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So I have cloned a project at github and fixed a patch. Since this is the first time Im working in git Im trying to figure out the best way to put it online.

Upon checking out my own (cloned) repository on github there was only one branch: master. I created a branch, myfix, which now holds one commit, which is the fix for the bug.

  • Should I now push everything to my cloned project on github? I assume that this would create the branch myfix on my github project containing that single fix commit.
  • Should I merge myfix into the master branch, remove myfix and then push everything?

When searching online, it seems that the common/good practice is to leave master untouched, using that purely for pulling from the real/original public project repository (that is, others accepted contributions and such). But others suggest other strategies:

  • Create an upstream branch, put your clean and ready contributions there so others can find them easy, not mixing it up with my other incomplete/experimental branches (I wonder why these would even be online if they were so incomplete).
  • Create a downstream branch, pull others changes in here for offline merging.

If I follow the above two (currently feels a bit overkill though) what purpose would the master branch fill?

Git can do any combination (or all) of the above. This leaves me a bit confused as to how to easy show my work to others. Is there such a "common" workflow? Or is it every man for himself and you post a specific revision in a specific branch (thats pushed) in the issue tracker for the fixed bug?

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up vote 7 down vote accepted

When you clone a repository, Git automatically creates remote tracking branches that do what you describe for the master branch. You can list these remote tracking branches with:

git branch -r

Because tracking the upstream repository is already done for you, you would normally use your master branch for mainline changes to the project. Here's what I would do in your particular situation:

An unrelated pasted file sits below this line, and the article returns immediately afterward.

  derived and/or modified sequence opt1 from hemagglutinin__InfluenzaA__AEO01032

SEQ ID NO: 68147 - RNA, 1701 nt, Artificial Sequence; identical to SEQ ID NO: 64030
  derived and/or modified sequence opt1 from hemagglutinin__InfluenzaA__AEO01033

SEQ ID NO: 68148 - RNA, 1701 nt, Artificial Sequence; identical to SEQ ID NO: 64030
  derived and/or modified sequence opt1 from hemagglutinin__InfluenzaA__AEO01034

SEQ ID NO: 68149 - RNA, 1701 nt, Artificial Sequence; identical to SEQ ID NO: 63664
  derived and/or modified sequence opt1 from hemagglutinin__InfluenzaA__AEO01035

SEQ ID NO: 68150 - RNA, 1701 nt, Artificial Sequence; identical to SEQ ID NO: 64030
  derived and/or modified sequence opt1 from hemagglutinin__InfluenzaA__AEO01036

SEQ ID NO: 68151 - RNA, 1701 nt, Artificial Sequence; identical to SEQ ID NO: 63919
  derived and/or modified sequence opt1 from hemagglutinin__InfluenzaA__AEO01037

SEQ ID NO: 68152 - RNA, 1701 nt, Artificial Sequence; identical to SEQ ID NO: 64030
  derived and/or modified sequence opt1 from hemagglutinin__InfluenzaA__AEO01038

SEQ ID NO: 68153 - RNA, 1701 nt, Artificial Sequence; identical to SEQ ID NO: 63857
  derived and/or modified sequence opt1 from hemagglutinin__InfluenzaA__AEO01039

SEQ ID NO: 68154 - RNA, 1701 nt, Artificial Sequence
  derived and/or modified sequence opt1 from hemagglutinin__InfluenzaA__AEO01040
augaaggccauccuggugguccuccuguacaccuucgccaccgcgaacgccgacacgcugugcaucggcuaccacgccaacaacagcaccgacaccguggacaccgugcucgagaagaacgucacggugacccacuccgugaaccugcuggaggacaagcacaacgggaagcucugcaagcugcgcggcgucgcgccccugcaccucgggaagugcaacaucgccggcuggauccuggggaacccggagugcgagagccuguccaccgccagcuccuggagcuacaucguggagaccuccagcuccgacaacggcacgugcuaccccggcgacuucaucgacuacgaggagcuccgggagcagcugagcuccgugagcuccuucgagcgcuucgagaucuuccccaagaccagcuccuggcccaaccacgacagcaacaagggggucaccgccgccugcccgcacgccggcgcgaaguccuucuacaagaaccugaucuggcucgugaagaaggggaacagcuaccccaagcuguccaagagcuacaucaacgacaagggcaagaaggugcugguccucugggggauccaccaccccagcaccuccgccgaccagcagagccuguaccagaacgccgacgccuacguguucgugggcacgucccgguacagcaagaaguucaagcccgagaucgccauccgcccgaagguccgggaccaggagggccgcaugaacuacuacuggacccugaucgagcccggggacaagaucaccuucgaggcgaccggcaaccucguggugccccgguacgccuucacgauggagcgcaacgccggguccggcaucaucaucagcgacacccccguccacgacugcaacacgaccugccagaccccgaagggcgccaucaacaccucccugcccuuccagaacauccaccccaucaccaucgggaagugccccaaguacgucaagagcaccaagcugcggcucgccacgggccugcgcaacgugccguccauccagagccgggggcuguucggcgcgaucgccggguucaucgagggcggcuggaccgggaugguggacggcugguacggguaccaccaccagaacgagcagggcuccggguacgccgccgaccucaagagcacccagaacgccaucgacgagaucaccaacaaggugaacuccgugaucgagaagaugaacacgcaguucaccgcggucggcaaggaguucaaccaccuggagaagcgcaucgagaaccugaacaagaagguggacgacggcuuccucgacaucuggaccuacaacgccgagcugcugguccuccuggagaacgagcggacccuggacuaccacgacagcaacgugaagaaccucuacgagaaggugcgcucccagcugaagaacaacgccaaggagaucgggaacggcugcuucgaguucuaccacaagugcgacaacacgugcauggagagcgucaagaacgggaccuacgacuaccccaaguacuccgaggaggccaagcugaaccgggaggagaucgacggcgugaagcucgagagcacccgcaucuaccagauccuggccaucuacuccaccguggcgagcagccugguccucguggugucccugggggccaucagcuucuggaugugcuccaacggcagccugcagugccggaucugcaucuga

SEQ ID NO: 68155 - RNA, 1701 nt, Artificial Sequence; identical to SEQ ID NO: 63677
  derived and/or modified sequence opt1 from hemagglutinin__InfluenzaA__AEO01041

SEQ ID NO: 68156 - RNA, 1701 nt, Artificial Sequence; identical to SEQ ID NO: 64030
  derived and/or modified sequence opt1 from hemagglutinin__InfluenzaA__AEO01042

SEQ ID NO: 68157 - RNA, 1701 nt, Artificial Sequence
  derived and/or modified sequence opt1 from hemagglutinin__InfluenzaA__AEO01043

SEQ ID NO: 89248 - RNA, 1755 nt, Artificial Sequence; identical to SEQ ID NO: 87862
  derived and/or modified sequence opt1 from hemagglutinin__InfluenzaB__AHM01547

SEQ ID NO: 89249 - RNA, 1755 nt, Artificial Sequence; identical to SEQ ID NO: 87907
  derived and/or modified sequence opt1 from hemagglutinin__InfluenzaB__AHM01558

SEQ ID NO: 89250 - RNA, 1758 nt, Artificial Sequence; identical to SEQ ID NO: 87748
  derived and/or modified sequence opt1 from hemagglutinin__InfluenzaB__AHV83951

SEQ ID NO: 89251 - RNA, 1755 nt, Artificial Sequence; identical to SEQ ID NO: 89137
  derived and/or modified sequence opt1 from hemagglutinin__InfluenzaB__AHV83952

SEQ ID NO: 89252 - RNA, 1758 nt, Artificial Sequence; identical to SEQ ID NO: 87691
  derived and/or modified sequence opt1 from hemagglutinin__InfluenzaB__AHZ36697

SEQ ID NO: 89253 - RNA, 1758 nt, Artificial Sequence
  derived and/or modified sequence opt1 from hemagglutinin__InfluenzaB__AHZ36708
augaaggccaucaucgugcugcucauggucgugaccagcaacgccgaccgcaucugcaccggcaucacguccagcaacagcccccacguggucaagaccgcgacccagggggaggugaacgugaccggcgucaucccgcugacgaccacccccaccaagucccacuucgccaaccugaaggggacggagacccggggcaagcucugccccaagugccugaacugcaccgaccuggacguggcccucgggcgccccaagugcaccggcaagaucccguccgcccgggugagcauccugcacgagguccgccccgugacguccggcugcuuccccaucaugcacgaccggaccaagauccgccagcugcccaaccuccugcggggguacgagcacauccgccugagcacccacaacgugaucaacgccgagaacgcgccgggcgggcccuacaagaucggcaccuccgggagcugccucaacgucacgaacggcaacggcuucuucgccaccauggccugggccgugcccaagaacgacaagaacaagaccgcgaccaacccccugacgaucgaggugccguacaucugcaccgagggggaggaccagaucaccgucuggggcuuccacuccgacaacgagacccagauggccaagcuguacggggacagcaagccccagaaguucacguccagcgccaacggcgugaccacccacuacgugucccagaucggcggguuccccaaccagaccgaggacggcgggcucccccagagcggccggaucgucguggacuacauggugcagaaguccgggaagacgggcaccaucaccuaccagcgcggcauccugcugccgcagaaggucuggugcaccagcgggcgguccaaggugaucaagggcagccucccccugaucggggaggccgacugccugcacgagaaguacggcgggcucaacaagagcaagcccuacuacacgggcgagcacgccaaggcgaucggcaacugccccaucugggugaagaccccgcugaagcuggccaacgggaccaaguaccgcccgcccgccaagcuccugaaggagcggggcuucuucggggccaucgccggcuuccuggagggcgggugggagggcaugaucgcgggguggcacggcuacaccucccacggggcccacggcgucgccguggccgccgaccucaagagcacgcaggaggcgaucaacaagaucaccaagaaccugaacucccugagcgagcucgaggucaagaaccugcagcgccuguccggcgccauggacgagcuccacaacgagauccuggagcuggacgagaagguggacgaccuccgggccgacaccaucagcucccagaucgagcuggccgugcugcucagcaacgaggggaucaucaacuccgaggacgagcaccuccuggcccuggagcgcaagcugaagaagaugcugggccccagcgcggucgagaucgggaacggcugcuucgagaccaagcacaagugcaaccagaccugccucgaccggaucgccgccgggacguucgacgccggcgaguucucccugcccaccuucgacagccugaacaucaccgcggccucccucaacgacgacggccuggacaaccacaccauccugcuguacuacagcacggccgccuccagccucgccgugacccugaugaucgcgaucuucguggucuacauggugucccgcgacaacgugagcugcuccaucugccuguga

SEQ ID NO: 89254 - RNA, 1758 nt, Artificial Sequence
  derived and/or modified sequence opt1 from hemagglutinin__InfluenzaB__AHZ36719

• Merge the myfix branch into master in your clone. (Having done this in a "topic branch" is good practice.)
  • Push the master branch to Github. (It's unclear whether you forked the original repository, or just cloned from it. You will need to fork the original repository, creating your own copy, for the next step to work.)
  • Send a Github pull request to the owner of the repository you forked.
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Just did that, except that I pushed before merging the badly named "topic branch" back into master. The pull request is from my pushed branch myfix. – Mizipzor Dec 8 '09 at 23:05
That's fine, the branch name doesn't really have any meaning. A commit is just a change from one state of the tree to another, no matter how many names it has. – Greg Hewgill Dec 8 '09 at 23:09

Github lets you send pull requests to owners of other repositories, and a request says where to find your interesting changes. This means you don't have to keep all your changes in a particular well-known branch.

Making it easy on the other person will increase your chances of your patch being accepted, so keep a clean master as a common reference point and make changes in branches off of the master. Keep your branches narrow in focus: rather than piling up eleventy-three new features in a single branch, keep them separate where you can do so cleanly.

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So its not uncommon for branches to be created, pushed, pulled by someone else, merged and then removed? – Mizipzor Dec 8 '09 at 23:04
Correct. After a topic branch has been merged into the project's master, keeping it around provides little benefit. – Greg Bacon Dec 9 '09 at 18:34

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